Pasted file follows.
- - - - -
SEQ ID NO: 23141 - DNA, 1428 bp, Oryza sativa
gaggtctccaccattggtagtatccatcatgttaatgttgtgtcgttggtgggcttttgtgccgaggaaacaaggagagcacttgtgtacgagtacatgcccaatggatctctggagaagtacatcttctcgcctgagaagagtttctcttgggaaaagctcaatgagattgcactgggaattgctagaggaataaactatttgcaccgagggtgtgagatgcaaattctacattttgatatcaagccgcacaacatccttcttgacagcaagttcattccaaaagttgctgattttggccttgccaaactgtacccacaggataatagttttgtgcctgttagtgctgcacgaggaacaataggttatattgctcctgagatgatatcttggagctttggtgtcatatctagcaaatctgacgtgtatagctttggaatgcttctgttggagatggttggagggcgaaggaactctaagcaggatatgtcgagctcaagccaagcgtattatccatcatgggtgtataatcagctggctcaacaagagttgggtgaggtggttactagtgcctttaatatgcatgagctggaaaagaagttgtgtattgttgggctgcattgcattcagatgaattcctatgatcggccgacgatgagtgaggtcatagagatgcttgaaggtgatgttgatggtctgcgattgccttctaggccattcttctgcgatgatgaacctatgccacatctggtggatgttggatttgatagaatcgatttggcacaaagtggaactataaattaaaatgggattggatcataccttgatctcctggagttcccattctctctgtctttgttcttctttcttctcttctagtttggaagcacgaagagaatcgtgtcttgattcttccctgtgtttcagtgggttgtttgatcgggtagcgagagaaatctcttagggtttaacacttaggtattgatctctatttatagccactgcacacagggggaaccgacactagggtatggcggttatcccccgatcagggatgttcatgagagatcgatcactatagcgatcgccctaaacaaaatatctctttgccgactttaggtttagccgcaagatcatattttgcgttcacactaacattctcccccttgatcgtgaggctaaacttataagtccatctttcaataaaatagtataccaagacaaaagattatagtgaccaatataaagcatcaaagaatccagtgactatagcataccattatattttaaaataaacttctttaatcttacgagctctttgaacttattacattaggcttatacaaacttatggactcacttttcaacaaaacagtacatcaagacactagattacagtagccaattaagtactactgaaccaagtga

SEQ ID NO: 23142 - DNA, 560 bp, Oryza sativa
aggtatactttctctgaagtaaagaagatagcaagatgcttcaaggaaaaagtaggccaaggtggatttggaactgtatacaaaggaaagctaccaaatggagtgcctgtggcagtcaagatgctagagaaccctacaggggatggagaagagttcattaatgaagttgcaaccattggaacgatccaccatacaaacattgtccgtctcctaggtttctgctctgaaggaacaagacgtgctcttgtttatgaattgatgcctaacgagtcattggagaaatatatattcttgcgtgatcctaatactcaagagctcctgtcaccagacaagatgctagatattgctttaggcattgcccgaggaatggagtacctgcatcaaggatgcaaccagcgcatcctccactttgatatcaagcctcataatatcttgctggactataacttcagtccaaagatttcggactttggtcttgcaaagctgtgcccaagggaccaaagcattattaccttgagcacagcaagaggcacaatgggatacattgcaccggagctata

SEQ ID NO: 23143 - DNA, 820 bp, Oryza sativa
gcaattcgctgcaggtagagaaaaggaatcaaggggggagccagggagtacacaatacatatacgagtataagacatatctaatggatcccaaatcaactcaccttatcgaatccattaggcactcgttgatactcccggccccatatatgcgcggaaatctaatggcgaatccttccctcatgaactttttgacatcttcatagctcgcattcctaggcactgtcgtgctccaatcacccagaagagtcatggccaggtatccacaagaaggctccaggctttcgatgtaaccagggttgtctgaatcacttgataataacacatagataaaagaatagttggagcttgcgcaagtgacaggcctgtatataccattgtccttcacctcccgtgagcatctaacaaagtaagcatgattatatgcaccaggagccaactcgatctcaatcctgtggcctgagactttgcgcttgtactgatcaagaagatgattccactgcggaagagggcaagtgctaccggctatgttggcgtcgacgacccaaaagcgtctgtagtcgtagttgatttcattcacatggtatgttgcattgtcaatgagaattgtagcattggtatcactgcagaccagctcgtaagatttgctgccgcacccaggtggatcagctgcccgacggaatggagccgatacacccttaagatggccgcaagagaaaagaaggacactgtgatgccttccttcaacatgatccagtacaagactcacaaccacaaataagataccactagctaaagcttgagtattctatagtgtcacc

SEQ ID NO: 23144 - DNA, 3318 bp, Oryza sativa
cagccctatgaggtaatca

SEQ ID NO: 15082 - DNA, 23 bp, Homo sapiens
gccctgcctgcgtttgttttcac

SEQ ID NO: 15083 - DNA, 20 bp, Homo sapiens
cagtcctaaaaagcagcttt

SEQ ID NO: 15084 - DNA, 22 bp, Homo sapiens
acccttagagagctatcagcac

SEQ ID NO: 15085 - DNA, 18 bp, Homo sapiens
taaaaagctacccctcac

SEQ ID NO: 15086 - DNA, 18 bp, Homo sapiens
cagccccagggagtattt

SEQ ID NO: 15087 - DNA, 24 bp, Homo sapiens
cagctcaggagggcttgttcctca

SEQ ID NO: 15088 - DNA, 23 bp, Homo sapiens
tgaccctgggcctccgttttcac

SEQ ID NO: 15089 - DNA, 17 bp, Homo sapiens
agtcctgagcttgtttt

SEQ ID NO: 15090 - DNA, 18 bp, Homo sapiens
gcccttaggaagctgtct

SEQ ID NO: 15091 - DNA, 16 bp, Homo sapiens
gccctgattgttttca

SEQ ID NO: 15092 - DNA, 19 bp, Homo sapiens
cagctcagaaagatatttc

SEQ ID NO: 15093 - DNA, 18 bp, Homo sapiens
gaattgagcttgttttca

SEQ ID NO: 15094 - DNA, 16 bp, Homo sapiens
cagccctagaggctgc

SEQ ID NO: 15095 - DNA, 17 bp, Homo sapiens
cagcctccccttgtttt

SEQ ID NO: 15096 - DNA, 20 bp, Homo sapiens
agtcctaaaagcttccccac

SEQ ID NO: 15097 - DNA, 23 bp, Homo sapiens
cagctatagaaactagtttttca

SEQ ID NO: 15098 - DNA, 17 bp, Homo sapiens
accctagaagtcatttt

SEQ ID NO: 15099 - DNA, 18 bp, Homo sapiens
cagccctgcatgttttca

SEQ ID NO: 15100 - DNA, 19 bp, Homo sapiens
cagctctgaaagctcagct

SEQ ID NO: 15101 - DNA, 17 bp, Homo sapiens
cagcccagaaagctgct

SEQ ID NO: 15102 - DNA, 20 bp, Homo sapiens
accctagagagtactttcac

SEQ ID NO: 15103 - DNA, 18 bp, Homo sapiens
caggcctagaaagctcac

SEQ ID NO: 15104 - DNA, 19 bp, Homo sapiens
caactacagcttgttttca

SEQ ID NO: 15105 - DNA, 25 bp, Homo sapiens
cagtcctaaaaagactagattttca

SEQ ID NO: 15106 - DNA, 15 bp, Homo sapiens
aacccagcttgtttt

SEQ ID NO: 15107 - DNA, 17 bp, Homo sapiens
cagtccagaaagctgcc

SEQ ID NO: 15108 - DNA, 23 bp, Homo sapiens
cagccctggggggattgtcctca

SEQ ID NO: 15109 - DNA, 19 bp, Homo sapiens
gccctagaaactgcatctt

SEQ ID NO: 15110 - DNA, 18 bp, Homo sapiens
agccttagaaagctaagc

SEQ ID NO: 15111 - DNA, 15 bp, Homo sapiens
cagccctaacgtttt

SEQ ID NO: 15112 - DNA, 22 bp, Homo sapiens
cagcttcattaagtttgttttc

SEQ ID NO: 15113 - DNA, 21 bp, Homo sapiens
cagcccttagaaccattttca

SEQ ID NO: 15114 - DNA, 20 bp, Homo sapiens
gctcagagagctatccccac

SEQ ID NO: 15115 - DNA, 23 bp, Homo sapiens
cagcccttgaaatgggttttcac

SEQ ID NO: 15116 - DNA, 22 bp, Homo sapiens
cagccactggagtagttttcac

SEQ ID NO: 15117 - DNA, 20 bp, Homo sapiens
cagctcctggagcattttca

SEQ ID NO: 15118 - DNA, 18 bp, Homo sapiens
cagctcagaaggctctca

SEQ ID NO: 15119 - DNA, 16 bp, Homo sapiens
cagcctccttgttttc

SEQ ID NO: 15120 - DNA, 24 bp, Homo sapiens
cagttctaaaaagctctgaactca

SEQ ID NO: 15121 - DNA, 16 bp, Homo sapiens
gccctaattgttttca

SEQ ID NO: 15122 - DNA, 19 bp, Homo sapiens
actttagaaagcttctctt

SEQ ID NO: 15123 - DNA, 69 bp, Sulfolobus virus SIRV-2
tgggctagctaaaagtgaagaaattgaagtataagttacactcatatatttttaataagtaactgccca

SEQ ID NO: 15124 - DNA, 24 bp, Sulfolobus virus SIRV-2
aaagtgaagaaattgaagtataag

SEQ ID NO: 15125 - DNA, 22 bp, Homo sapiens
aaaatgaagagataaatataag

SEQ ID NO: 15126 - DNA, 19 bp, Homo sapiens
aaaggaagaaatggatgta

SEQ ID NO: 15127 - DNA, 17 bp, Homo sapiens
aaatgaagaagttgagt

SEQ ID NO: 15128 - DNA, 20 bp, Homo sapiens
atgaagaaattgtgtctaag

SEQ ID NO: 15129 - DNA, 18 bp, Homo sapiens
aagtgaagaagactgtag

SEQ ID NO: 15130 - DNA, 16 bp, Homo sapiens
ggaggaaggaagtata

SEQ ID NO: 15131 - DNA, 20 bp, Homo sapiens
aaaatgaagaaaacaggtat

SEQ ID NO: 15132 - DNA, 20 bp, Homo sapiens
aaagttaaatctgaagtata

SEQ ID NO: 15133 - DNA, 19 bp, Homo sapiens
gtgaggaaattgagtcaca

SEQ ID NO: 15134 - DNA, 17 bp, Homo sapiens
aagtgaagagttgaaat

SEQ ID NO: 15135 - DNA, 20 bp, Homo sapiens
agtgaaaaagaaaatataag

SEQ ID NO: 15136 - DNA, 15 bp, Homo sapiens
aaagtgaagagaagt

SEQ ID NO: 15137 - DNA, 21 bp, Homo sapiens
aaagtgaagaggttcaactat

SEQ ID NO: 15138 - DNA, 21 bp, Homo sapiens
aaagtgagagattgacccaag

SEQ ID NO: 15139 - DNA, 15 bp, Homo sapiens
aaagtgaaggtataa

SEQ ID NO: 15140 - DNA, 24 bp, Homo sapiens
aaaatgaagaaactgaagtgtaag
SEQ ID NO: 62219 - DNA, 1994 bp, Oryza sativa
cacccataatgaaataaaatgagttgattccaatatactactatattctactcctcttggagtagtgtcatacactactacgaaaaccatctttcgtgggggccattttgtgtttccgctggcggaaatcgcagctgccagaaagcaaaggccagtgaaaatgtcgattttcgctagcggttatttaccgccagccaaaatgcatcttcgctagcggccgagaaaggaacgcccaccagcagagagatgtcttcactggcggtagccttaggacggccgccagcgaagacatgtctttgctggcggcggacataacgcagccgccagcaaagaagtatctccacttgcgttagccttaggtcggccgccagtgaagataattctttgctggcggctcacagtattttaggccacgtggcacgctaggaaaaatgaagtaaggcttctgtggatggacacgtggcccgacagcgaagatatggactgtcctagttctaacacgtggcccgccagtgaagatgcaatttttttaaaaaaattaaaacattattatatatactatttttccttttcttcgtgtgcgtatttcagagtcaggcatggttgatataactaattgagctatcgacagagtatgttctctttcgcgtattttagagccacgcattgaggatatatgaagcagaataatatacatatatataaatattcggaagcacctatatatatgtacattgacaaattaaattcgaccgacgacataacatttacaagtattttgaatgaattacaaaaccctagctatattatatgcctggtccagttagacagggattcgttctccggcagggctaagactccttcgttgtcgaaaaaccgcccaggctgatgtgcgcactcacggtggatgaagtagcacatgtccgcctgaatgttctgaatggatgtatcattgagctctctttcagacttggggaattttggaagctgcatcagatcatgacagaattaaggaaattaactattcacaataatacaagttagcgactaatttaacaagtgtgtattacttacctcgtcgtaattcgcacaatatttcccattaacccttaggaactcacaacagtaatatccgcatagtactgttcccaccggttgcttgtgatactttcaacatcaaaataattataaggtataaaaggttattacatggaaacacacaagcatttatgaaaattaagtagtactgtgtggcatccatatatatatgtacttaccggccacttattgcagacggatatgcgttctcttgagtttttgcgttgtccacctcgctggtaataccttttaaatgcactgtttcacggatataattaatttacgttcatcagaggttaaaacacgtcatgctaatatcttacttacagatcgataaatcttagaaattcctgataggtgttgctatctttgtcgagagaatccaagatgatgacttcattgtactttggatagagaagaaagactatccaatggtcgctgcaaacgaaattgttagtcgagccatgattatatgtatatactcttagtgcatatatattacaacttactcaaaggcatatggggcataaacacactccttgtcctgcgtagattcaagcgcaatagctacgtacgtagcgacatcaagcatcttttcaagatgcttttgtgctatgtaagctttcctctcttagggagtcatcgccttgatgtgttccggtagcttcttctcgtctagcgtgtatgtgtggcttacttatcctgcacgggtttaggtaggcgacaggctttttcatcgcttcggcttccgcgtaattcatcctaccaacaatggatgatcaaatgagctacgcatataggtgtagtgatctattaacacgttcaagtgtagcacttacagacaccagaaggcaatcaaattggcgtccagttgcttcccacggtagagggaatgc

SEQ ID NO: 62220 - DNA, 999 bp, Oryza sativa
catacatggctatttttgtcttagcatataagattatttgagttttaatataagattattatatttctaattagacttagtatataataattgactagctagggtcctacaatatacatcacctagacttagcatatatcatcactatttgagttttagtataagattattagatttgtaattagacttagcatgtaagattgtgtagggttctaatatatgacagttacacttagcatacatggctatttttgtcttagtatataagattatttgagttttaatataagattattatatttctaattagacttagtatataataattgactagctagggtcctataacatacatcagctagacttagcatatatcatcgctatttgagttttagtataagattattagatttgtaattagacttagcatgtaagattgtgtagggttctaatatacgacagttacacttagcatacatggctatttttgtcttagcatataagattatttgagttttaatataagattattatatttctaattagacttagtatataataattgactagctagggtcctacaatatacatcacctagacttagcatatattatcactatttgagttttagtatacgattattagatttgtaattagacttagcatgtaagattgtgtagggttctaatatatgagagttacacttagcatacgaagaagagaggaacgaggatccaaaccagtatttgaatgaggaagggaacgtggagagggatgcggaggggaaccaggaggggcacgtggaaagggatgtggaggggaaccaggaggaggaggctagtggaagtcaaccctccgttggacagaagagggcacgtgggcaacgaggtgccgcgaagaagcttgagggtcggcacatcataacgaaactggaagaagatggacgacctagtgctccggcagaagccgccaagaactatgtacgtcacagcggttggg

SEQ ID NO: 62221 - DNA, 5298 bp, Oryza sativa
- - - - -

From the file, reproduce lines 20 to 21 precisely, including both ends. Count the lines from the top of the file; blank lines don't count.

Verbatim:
cagctcaggagggcttgttcctca

SEQ ID NO: 15088 - DNA, 23 bp, Homo sapiens